Congress Gets Closer to FAA Extension

House OK’s FAA Bill, Now up to Senate

It appears that we will be avoiding much of the drama of this summer’s congressional standoff, now that the House of Representatives has approved a bill that will temporarily extend the operation authority of the Federal Aviation Administration (FAA). The senate is expected to approve the measure sometime this week.

During July and August, passengers and others watched in dismay as partisan politics appeared to get in the way of an agreement on an FAA extension, resulting in a 13-day standoff in which some 75,000 construction works and FAA employees were thrown out of work. Air traffic controllers did stay on the job, however, and travel was not interrupted.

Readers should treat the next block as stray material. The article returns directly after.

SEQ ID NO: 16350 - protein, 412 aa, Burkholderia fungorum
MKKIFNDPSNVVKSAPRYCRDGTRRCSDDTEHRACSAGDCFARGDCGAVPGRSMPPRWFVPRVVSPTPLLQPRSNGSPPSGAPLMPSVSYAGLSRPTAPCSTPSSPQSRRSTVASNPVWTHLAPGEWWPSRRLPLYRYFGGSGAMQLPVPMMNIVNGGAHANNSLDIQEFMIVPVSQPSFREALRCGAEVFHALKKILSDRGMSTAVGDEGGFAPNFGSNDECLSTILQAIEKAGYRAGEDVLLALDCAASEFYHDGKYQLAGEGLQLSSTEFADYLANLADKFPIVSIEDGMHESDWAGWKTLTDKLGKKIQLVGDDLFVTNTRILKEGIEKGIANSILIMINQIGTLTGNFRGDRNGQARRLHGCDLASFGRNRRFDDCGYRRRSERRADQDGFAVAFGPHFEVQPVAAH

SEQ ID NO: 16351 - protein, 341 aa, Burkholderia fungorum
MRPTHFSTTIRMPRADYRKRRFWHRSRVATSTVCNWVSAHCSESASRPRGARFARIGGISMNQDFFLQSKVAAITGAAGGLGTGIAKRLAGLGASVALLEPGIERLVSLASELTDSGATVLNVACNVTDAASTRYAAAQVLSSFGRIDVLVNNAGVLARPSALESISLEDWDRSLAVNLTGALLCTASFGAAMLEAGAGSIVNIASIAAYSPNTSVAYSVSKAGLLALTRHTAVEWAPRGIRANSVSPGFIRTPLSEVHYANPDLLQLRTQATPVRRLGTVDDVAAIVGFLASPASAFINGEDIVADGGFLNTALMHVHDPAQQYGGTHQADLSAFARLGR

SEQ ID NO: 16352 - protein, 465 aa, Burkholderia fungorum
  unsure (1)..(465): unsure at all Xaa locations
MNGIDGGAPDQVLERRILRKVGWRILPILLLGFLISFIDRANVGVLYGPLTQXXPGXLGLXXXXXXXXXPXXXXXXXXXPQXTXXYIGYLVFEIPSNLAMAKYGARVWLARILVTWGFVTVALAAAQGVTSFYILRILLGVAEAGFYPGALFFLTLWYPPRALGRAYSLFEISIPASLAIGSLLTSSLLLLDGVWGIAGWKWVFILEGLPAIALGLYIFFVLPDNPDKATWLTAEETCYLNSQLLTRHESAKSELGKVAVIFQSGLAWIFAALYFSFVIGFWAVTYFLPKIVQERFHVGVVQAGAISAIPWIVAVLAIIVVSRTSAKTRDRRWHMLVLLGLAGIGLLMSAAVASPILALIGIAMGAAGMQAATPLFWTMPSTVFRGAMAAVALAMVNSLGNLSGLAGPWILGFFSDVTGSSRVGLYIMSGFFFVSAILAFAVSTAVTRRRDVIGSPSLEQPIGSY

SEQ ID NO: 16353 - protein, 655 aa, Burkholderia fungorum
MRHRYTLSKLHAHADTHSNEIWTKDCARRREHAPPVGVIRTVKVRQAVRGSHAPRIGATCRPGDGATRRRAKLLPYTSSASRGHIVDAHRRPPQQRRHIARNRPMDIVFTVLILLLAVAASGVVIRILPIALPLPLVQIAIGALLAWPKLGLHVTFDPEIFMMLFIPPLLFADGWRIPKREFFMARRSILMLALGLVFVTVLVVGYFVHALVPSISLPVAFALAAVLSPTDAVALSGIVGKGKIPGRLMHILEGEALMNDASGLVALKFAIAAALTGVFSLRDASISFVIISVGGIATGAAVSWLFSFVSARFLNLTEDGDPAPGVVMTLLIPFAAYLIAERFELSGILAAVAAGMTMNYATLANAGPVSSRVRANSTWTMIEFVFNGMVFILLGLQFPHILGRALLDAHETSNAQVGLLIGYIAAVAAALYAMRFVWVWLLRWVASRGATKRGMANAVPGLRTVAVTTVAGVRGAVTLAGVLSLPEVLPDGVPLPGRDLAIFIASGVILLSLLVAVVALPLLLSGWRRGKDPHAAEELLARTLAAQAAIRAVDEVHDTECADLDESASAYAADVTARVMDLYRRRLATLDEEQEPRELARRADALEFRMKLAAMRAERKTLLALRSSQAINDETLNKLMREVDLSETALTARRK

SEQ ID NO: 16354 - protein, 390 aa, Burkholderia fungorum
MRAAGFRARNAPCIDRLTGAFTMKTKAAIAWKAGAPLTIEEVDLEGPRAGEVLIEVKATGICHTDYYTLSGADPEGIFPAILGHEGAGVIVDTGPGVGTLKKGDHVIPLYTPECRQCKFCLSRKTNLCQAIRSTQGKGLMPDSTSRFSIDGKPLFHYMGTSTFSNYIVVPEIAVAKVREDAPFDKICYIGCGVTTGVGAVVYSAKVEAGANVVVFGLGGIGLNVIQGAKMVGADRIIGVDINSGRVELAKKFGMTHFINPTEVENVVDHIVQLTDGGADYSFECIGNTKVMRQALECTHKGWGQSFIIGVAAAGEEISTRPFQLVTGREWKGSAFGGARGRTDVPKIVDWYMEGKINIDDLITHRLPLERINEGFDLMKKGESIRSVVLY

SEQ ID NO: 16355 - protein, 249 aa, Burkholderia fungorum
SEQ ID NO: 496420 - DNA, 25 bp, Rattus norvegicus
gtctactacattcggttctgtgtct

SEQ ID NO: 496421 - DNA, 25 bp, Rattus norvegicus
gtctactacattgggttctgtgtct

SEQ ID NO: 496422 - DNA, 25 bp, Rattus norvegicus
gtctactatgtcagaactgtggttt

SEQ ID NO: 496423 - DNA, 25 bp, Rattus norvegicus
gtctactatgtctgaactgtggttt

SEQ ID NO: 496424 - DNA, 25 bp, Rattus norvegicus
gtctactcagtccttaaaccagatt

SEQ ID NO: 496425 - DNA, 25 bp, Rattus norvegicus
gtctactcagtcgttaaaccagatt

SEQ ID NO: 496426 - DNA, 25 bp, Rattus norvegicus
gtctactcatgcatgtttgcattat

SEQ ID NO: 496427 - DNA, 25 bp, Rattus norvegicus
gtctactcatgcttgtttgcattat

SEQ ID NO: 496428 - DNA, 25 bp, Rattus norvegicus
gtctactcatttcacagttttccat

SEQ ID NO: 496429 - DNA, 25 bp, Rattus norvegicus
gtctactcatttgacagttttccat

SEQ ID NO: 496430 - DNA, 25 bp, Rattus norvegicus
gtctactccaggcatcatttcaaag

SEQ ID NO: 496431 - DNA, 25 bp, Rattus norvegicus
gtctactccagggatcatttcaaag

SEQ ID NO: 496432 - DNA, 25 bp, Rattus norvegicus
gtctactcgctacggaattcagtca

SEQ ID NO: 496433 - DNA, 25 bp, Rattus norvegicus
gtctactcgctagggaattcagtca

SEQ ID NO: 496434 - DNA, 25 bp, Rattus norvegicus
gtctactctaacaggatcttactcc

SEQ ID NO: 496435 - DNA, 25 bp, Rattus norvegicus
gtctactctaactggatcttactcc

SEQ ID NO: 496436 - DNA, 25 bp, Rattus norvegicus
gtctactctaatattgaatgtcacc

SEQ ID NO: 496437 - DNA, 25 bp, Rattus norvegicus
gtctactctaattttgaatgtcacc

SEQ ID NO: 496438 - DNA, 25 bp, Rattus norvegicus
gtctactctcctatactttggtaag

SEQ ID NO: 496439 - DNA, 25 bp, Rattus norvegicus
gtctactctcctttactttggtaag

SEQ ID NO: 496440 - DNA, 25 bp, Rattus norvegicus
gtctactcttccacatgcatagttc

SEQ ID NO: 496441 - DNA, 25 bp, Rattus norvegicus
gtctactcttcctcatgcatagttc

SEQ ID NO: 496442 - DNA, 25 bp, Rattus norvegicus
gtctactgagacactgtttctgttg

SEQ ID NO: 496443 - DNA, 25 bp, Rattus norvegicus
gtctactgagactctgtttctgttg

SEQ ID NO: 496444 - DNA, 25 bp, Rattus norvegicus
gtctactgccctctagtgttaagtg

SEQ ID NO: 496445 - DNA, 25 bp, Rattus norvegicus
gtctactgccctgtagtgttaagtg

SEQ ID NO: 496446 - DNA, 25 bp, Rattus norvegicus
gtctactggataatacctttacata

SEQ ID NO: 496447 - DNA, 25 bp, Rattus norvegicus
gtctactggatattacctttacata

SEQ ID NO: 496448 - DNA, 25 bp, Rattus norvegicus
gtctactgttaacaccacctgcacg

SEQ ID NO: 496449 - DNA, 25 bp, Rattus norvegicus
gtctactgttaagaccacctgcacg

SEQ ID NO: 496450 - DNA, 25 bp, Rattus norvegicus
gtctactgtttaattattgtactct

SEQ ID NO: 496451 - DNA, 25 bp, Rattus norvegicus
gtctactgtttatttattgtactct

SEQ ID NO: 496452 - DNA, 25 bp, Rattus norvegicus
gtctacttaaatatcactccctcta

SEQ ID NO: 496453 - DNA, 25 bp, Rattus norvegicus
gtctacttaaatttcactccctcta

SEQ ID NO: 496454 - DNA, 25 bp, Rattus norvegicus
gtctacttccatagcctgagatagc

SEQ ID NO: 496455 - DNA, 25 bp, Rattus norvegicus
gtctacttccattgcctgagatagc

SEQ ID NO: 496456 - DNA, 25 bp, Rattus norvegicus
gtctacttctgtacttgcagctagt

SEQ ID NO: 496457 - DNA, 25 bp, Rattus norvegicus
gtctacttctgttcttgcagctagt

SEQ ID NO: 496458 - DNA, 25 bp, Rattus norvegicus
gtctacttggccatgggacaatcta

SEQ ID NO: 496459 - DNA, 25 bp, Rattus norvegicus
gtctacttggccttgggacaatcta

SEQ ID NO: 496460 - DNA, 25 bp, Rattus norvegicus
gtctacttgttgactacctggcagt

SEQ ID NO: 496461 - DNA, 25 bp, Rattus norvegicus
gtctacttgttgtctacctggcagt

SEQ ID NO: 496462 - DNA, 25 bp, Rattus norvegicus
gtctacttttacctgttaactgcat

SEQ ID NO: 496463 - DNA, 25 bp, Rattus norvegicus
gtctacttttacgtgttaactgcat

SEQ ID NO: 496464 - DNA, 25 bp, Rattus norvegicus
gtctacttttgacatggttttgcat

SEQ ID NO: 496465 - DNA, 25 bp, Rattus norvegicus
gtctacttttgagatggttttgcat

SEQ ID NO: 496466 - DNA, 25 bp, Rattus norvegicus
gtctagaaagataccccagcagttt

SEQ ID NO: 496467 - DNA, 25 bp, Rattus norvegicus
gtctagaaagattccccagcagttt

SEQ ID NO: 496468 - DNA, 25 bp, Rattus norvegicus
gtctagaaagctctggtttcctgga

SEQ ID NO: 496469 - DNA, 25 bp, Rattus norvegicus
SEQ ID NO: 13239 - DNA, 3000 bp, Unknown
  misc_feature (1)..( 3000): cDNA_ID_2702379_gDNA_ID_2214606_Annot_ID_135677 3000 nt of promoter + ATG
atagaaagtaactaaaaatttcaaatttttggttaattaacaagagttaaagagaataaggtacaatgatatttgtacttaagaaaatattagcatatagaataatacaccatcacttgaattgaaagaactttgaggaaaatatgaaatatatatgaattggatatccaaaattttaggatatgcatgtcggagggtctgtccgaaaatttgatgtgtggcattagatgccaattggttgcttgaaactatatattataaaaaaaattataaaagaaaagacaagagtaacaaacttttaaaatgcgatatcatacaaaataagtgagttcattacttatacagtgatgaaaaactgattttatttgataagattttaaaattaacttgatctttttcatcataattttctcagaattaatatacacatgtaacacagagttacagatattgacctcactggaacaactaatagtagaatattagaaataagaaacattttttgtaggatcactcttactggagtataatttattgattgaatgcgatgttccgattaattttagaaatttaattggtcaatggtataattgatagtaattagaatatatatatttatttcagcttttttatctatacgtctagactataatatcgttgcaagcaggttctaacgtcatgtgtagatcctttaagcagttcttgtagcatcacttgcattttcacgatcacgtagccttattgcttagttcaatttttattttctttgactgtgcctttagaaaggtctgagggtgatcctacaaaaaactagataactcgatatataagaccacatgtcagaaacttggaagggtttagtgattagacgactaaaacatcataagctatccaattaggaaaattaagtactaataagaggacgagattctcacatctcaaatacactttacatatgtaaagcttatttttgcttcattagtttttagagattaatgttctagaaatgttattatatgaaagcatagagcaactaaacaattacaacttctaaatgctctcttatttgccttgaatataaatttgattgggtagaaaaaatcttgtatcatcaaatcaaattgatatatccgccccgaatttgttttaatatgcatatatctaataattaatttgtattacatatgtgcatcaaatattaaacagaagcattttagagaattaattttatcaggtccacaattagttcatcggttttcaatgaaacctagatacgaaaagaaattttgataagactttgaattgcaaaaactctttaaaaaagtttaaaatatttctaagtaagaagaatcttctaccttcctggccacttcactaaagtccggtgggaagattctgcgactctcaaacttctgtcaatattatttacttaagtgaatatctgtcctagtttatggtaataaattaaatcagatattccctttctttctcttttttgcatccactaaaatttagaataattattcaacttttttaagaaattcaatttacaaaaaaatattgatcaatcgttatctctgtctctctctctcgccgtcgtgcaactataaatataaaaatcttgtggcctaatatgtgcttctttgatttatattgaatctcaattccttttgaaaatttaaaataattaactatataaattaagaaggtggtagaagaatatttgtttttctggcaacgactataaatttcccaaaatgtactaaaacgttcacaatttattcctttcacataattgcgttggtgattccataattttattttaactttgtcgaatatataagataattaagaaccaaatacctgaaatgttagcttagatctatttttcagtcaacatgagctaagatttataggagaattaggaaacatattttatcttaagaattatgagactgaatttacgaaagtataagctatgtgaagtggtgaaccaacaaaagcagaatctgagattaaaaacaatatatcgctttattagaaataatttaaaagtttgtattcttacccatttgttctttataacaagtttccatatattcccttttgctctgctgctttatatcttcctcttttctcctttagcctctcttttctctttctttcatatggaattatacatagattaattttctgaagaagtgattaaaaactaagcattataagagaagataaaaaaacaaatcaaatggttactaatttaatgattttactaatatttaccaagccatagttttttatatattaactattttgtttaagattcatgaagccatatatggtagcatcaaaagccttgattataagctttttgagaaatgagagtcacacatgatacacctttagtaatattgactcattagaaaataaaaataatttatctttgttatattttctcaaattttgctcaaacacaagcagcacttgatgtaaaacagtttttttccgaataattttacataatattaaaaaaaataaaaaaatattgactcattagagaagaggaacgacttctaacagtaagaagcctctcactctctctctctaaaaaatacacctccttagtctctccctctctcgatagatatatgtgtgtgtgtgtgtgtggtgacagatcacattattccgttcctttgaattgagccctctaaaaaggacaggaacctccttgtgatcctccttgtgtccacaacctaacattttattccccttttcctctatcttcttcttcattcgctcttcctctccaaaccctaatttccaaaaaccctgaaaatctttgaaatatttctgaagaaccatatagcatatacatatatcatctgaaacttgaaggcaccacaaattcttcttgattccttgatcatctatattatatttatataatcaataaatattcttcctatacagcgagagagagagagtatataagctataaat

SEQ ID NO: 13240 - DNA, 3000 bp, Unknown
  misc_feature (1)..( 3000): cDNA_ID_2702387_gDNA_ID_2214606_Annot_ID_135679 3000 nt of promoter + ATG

See the Winners and Losers during the Last FAA Standoff

The Airline Ticket Tax Holiday that Wasn’t

One potential bright spot in the mess: a chance for passengers to find cheap flights more easily than ever, thanks to an airline ticket tax holiday, as certain federal monies normally incorporated into airline tickets went uncollected.. It never happened, though. The airlines simply hiked their prices, with two exceptions: of Alaska and Spirit.

Who Benefits from FAA Extension

Just about anyone who flies in U.S. has reason to cheer the FAA extension as it provides funding for vital aviation and transportation projects, including airport improvements. However, this latest proposed bill only extends the FAA’s authority through the end of January. Then it’s back to square one.

Question for our readers: Are your politicians part of the problem?


Published: September 14, 2011